You can see from the comparison photo below that this version of Mirage is distinctively different from the previous two releases.
The most obvious difference is the yellow goggles. But, a closer look shows this figure is more of an amalgamation of the two previous designs. It is darker and more muted that either of the previous versions and better blends with the more militaristic Joes that were his contemporaries. The not quite black pants mesh well with the olive torso. The brown and metallic highlight showcase the mold's detail. They also create a more realistic look than either of the previous versions. It is unfortunate that this version lacked any accessories beyond the goggles. However, anyone who was collecting in 2002 and 2003 probably has plenty of spare Mirage figures lying around so outfitting the Hoverstrike version with decent accessories is an easy task for most collectors.
As a character, Mirage is pretty much a blank slate. With no canonical characterization, collectors are free to develop his personality as they see fit. For me, though, Mirage remains a Joe army builder. In that capacity he works the best for me. This is the mold that I see as the backbone of the Joe reinforcements...not the terrible "greenshirt" figures we saw at retail. In that capacity, this figure gets a lot of use. But, now that I have a more distinctive version of Mirage, I've started to rework the character into my collection. The reality is that we now have lots of figures that can be used as Joe army builders. Many of whom become stale if for no other reason than you use them all the time. (I find that I also rotate through Cobra army builders. A figure who's hot today might end up in the box for years after I get tired of him. If you scroll through the pictures on this site, you can see some of the figures as they fall in and out of favor with me.) Bringing back the character of Mirage becomes a way to reinvigorate the figure in my collection.
Ahh, but what to do with him? I toyed with the idea of using the character as the Joe foil to Zartan. But, that idea didn't lend itself to great uses. As this figure is more militaristically colored, I see him taking on more of an infantry type role. Also, his colors do mesh well with the 2007 Star Duster and Grand Slam pack. So, I could also see Mirage as being teamed with them. Overall, though, I think the character will simply join in with figures like Hit and Run, Recoil, Repeater and a few others who comprise my Joe backup and support teams. They are not the main players in a display, but are there to complement the key figures who are represented. This version of Mirage fits in nicely with many of those classically colored figures and I think it is in that role that he will see the most use.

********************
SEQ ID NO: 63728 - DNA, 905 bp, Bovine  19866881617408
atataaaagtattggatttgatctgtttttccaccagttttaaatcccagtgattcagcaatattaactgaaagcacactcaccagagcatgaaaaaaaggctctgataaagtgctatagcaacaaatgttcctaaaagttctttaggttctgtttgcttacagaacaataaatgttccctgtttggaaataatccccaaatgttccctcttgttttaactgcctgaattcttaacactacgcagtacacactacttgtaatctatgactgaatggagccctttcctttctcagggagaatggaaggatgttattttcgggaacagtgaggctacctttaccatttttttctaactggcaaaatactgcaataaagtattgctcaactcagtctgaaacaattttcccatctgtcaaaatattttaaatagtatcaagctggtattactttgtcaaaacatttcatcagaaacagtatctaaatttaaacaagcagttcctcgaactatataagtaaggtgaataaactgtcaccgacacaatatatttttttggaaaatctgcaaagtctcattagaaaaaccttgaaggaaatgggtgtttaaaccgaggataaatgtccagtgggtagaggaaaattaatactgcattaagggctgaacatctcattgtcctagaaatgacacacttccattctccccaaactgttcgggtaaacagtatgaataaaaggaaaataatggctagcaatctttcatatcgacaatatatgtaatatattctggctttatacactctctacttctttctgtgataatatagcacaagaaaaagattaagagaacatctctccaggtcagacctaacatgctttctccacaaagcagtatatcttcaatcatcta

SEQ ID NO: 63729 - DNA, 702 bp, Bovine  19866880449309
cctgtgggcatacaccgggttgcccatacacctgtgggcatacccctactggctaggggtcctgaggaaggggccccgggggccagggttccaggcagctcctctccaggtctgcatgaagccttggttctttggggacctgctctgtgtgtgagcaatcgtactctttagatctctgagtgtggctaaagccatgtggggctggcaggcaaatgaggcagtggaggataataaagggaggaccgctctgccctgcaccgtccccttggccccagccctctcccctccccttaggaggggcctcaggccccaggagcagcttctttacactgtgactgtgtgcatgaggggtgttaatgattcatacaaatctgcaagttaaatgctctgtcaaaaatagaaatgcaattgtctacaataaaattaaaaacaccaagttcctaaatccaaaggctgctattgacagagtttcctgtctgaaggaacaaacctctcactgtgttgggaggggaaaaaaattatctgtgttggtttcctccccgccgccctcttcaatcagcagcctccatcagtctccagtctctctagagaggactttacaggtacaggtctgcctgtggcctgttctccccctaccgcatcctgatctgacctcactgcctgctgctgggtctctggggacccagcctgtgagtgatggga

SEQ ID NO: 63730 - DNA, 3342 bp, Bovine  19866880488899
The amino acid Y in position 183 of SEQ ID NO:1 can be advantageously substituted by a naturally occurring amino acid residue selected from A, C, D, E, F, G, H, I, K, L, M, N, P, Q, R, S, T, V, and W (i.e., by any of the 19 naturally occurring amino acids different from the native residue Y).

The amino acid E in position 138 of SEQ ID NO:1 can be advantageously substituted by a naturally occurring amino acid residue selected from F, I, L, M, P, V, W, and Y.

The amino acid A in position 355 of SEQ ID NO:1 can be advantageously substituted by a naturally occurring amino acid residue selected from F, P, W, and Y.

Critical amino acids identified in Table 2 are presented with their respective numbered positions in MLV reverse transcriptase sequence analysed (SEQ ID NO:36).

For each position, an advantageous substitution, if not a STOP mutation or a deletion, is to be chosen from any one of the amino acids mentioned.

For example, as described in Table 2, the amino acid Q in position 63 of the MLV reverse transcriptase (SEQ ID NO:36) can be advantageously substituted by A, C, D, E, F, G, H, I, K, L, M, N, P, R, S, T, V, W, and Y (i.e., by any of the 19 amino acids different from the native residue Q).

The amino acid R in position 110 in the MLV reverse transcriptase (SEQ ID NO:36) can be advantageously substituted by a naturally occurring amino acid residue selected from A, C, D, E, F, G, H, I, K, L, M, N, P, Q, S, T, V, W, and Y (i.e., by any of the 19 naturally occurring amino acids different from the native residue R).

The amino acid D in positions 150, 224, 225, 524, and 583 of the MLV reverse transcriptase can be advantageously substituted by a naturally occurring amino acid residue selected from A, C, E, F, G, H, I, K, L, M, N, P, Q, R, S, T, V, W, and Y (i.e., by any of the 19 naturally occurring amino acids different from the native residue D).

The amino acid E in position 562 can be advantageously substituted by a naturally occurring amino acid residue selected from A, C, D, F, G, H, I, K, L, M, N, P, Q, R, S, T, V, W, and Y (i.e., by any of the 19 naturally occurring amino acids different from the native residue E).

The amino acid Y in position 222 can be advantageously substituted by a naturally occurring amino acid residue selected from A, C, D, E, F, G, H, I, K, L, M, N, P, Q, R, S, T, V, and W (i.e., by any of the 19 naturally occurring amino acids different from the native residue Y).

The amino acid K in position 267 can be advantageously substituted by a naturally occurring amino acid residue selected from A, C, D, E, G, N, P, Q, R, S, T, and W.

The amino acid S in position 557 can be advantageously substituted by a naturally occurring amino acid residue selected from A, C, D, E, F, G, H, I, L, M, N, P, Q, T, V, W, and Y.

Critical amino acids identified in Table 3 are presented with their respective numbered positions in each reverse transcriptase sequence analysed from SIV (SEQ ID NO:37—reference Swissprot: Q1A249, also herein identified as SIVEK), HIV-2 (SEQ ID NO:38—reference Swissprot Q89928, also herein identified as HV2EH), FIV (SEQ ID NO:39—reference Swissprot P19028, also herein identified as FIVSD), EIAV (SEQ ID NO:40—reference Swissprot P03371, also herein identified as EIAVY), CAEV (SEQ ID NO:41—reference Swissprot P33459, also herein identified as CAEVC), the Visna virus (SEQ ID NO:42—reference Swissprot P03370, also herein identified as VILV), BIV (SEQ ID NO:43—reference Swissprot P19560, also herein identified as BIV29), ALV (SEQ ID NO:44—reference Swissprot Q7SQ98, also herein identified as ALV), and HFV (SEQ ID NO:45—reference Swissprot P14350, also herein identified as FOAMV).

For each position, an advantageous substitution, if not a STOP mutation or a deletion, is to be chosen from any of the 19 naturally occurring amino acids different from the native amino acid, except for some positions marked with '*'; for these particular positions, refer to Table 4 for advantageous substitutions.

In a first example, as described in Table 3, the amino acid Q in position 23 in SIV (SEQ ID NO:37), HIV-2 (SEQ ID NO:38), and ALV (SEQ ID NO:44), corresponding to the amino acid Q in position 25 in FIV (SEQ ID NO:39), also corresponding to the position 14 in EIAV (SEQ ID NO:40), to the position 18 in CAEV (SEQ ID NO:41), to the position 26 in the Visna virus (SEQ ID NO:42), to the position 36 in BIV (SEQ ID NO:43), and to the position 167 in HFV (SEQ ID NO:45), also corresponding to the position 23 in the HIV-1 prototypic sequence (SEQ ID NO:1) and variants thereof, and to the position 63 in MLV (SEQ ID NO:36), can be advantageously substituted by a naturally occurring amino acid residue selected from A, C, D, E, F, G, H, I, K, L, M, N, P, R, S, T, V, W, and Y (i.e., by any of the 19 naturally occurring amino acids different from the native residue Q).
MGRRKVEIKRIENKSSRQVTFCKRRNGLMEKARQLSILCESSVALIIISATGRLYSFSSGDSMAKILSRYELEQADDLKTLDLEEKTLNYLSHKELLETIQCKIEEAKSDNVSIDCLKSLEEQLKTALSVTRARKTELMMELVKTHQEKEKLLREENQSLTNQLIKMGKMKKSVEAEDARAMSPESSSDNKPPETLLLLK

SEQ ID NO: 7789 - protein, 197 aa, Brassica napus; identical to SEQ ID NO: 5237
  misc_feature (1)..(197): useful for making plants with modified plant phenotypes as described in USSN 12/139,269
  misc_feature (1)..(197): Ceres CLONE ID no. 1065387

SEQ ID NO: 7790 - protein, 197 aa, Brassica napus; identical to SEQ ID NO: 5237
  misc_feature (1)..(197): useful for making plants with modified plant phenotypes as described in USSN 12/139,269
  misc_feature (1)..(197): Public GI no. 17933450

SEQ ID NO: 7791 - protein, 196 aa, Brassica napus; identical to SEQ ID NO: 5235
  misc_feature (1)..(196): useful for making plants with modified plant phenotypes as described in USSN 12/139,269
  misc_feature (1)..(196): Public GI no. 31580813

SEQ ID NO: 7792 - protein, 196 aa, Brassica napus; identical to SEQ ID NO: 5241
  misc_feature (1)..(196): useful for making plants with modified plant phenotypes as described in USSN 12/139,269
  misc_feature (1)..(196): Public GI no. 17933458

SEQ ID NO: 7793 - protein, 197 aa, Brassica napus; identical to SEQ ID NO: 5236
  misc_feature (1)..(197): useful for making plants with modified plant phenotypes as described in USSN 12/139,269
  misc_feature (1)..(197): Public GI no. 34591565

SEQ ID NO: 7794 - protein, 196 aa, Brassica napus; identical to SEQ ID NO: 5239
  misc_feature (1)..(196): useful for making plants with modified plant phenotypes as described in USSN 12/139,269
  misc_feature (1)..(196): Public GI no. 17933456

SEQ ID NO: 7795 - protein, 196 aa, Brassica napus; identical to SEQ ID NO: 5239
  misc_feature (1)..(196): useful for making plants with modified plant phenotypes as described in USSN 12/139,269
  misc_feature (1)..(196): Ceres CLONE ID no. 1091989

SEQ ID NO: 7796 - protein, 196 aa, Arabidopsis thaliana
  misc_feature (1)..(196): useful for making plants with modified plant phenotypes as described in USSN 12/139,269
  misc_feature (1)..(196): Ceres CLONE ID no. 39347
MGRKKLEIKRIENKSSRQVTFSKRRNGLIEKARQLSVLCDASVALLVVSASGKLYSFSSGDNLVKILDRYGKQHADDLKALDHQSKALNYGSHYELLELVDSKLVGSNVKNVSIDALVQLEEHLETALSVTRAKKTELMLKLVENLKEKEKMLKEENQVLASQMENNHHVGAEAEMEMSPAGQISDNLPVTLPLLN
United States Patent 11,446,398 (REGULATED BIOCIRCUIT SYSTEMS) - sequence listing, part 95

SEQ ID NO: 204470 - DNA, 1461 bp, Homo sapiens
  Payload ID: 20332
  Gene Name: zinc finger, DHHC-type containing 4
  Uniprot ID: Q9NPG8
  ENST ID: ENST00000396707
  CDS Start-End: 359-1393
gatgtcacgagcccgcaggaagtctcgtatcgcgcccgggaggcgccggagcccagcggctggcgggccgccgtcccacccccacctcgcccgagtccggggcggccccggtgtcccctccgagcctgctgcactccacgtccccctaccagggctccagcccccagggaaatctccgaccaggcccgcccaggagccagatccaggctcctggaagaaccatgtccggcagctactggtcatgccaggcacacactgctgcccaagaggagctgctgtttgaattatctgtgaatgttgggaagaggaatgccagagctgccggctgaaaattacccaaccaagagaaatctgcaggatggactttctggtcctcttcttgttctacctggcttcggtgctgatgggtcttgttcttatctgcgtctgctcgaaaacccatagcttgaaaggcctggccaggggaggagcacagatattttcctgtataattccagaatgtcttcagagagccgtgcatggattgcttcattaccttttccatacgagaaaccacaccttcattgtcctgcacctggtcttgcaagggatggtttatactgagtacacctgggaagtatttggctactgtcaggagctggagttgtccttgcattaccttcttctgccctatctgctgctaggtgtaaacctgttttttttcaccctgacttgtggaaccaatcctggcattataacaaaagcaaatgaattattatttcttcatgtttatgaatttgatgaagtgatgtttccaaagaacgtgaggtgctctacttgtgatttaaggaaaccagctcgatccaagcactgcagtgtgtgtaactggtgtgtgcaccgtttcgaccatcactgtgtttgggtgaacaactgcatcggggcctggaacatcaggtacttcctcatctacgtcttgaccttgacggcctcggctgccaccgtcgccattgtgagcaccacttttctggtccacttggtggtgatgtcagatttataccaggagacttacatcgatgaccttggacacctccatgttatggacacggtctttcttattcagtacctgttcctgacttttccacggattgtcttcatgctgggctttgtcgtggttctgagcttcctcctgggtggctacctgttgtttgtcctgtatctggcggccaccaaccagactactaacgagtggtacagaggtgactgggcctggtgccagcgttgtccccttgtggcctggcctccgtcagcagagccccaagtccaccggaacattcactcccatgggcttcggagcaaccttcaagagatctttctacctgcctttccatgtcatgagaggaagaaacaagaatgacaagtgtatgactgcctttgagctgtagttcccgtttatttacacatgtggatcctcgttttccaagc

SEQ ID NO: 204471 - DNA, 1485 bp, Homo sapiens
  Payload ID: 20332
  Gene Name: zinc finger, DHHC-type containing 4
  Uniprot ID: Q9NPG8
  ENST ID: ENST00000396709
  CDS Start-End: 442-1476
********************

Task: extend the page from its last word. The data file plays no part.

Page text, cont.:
No one really knows why Hasbro got on such a Mirage and Big Ben kick in the early '00's. But, the overexposure left both molds, though high quality, rather tired. At this point, collectors have 5 versions of Mirage to choose from. Three are very well done, one is vintage and the other is gimmicky. So, there really isn't any valid reason for the character to return. The parts of Mirage fit together very well and it would be hard to see them used on another figure. (Oddly, there was a test shot figure from Asia cast in all black that was the Mirage body with a Flak Viper head. But, it's not likely that this was anything more than mold tests. Though, it did get some people interested at the time.) As such, I think Mirage is a mold and character that simply could be retired. What we have is great and there is no real reason to damage the legacy of these decent figures with more and more takes on a character that is obscure at best.
If you wanted a Mirage figure back in 2003 and 2004, they were pretty easy to find. The Hoverstrike was a retail dud and most Toys R Us stores around the country were knee deep in them well into 2004. At $30, the retail price of the Hoverstrike was well inflated beyond the value it provided to all but the most serious completists. In 2004, though, Toys R Us marked down the Hoverstrikes in an attempt to finally rid their shelves of them. Many collectors were able to pick up the vehicle and figure for under $15. Even at this price, many people balked. But, this clearance was the final straw that put a large amount of Mirages into the collecting community. However, not too many people bought extras. Once the clearance did its job and the Hoverstrikes were gone from retail, there weren't surplus Mirages on the market. In fact, it is rather rare to find one of these figures for sale...especially without the Hoverstrike. But, in one of those great ironies of Joe collecting, no one cares. You see, Mirage is a collector pariah. A figure and character of whom collectors were sick and tired when he was released again. This version isn't different enough from the widely available 2-pack figures for most collectors to care that it is missing from their collections. As such, even though this figure is very hard to find today, when you do find one, it is unlikely that you'll have to spend even $7 to acquire it. (Truth be told, if you buy a Hoverstrike with the figure, you'll probably pay more in shipping than you do for the actual toy.) To me, things like this make no sense. Joe collectors will pay through the nose for easy to find army builders. But, a high quality repaint of a great mold that is hard to find, but an unpopular Joe character, is scoffed into bargain bins. For the savvy collector, that's not a bad thing.